This isn't a Harry Hole novel. Instead the story is essentially a story about two brothers who grew up on a mountain farm in southern Norway. The older brother stayed and runs the local petrol station. The other brother returns from studying business in Canada with an exotic girlfriend and a plan to build a hotel that could save the declining community. Unlike the Harry Hole novels this is absolutely not an urban story. Neither is it a detective story. It's more a drama involving crime told from the view point of the older brother. The Kingdom has the great plotting and sharply drawn characters Nesbø is known for. Worth reading if you're a Nesbø fanand would like to see him do something a little bit different.
Lies by T.M. Logan.
When a teacher sees his wife arguing with the husband of her friend, he then confronts him in a car park and events take place that leaves him questioning if his past life has all been based on lies.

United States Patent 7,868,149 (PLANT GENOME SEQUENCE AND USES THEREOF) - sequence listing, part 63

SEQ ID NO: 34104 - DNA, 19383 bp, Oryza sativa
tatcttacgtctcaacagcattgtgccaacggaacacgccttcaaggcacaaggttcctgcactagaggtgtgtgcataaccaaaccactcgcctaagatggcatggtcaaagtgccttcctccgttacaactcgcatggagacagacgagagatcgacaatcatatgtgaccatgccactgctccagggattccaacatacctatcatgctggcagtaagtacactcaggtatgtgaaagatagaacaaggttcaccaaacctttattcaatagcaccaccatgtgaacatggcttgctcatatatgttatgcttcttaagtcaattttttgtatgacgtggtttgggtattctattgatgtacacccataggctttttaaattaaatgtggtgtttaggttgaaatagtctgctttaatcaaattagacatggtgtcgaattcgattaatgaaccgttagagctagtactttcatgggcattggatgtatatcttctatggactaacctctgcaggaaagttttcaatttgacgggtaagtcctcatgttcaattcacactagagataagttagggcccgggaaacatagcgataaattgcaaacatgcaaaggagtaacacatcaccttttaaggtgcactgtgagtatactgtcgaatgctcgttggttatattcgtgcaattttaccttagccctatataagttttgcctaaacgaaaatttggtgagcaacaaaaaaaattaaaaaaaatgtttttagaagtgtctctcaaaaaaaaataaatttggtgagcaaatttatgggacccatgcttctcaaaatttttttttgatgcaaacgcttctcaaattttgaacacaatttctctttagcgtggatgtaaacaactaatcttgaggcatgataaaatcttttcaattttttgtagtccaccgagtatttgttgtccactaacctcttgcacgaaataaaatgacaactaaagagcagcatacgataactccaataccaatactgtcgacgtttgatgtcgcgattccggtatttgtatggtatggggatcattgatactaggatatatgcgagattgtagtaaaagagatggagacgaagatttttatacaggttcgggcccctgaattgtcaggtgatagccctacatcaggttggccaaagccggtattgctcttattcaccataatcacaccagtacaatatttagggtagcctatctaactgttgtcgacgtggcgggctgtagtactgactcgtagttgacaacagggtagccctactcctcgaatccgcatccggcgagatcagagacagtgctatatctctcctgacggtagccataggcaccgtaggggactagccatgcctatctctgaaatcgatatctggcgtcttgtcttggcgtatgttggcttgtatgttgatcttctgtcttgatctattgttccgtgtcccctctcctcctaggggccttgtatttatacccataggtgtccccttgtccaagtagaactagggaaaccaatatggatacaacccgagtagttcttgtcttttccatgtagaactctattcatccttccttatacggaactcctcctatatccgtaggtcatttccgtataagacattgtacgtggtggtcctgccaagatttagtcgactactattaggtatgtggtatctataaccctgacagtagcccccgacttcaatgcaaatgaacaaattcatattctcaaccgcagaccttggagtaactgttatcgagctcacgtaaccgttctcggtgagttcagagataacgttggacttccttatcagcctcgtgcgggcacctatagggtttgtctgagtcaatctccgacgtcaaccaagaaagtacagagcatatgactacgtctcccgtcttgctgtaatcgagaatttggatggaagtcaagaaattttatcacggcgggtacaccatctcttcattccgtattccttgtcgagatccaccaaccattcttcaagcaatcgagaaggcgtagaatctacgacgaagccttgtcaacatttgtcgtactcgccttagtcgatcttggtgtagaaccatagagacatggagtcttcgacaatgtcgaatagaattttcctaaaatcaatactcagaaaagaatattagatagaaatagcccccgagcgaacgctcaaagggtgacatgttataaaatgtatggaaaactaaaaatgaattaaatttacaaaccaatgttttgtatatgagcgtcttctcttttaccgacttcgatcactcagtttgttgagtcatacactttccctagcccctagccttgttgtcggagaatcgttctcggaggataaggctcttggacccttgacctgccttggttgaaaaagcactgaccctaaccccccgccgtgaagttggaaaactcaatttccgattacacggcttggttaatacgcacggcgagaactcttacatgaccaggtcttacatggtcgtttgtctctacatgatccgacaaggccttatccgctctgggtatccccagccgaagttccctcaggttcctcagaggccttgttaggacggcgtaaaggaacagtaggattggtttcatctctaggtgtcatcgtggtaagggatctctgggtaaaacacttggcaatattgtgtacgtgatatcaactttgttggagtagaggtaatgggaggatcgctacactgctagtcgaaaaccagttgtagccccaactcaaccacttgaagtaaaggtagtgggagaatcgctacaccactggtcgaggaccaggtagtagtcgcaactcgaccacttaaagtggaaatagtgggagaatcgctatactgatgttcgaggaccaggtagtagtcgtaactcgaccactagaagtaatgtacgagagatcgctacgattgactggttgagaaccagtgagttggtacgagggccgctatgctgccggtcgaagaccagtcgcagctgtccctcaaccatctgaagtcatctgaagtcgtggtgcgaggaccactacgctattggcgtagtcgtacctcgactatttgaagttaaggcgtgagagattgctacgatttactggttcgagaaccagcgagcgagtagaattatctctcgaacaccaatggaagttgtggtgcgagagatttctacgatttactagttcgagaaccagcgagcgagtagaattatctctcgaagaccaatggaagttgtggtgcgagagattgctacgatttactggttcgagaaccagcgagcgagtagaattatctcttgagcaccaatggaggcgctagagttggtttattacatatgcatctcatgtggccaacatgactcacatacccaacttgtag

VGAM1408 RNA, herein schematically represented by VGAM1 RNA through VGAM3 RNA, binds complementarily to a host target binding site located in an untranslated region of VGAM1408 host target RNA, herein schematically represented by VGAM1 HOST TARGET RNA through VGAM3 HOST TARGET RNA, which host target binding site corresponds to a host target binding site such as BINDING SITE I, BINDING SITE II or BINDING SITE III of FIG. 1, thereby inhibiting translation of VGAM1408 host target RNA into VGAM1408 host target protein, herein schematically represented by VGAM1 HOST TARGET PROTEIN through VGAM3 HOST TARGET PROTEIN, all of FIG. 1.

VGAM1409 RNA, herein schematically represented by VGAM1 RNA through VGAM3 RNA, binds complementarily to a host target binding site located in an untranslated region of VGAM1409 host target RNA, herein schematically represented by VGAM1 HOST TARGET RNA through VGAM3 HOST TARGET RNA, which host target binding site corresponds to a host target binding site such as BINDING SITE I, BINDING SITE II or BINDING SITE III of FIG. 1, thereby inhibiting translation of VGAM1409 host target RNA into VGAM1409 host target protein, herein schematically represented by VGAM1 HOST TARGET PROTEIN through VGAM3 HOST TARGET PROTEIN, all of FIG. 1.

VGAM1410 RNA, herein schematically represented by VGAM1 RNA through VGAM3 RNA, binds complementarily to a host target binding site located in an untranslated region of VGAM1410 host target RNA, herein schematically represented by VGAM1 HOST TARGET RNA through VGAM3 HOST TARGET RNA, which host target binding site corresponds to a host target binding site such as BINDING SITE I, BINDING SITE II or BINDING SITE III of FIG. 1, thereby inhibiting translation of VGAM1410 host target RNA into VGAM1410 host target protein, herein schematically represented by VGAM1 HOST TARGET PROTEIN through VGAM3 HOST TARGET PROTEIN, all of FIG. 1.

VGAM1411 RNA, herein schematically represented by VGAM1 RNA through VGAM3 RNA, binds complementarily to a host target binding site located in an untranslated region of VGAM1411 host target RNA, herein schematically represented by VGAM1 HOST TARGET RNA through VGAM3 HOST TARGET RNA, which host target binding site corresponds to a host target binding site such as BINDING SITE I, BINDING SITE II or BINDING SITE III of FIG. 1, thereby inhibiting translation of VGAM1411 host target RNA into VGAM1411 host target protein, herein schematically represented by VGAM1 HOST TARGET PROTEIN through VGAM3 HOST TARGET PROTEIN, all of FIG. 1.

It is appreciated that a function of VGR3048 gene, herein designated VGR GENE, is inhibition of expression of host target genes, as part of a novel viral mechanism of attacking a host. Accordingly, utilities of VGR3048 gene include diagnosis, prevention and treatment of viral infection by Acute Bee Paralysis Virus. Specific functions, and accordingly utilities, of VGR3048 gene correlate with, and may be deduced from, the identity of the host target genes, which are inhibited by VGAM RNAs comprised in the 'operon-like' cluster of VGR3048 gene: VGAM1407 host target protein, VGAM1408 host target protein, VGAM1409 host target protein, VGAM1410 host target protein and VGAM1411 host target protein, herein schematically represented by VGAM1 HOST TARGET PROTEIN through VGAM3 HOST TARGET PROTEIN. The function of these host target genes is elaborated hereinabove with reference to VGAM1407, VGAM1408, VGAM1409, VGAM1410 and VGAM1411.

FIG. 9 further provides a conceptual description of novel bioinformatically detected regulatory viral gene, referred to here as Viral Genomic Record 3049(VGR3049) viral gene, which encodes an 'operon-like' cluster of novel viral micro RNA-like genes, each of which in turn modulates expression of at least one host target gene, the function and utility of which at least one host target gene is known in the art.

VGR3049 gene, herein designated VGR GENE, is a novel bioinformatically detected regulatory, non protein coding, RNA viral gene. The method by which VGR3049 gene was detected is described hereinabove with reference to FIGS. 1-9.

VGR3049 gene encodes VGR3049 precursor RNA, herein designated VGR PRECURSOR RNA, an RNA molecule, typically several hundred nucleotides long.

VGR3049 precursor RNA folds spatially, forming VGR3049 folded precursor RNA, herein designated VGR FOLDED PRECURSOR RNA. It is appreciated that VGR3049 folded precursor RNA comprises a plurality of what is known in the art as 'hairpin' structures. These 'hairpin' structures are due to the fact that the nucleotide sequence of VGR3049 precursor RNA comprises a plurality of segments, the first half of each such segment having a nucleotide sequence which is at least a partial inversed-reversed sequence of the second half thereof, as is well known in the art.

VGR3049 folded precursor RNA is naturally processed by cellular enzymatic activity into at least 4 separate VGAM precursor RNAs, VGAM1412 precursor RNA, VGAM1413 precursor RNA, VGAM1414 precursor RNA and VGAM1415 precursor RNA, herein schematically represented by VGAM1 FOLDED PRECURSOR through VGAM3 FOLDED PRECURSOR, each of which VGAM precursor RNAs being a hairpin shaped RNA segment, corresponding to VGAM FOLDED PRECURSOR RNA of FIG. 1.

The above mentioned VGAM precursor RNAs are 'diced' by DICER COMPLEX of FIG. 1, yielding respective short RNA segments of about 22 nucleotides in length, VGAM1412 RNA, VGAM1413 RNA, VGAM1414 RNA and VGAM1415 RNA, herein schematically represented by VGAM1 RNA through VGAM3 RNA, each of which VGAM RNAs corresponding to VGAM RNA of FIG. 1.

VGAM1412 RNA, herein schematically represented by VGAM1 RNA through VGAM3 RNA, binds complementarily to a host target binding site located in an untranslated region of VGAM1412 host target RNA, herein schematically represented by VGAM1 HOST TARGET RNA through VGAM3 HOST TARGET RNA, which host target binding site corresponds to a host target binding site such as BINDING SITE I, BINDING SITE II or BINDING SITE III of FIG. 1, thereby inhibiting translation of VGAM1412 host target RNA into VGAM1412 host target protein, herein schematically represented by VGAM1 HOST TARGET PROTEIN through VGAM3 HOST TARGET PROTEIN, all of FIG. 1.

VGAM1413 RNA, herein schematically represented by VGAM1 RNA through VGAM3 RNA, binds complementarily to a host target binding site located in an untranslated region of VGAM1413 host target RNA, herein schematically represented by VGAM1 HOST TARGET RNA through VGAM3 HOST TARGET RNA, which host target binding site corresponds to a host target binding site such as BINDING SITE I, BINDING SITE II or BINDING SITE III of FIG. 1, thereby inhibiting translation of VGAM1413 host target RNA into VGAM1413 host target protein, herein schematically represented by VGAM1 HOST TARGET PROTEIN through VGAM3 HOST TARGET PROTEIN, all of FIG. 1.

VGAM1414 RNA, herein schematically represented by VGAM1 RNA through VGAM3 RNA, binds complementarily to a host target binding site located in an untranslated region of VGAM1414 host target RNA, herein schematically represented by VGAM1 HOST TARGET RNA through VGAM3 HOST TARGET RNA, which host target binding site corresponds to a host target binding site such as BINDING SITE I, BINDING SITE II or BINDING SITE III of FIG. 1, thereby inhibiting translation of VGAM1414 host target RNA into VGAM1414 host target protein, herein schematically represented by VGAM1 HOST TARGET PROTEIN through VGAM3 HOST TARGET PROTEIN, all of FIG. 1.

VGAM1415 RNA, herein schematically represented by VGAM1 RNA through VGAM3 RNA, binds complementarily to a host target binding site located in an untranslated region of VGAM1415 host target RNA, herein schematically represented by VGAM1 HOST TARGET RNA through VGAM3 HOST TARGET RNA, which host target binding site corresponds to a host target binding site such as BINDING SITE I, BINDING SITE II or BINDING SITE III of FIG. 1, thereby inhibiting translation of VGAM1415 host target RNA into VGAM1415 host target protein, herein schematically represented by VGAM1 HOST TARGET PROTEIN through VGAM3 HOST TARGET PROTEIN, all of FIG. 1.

This is a pretty decent thriller with a twist ending. The sense of paranoia is nicely handled.
I was sufficiently impressed by it to pick up another of Logan’s books, The Catch, which I’m reading now, which is written in a similar vein, concerning a father who does not trust his all too perfect son-in-law.
THRILLING CITIES 1 and THRILLING CITIES 2 by Ian Fleming
The first part is more of a travelogue than the second, which tends to be extended essays on Fleming's opinions about sex, gangsters, gambling and banking.
The stuff in the Far East offers an insight into how the author utilised his experiences for the pages of YOLT. The characters of Tanaka and Henderson are based on Tiger Saito and Dick Hughes and the early sections of the novel, where Bond tries to acclimatise and assimilate himself with Japanese civil conventions, are based on Fleming's own time spent with these two in Tokyo.
A fun read. Half-way informative. The 'Incidental Intelligence' sections read as if Fleming copied them from a brochure.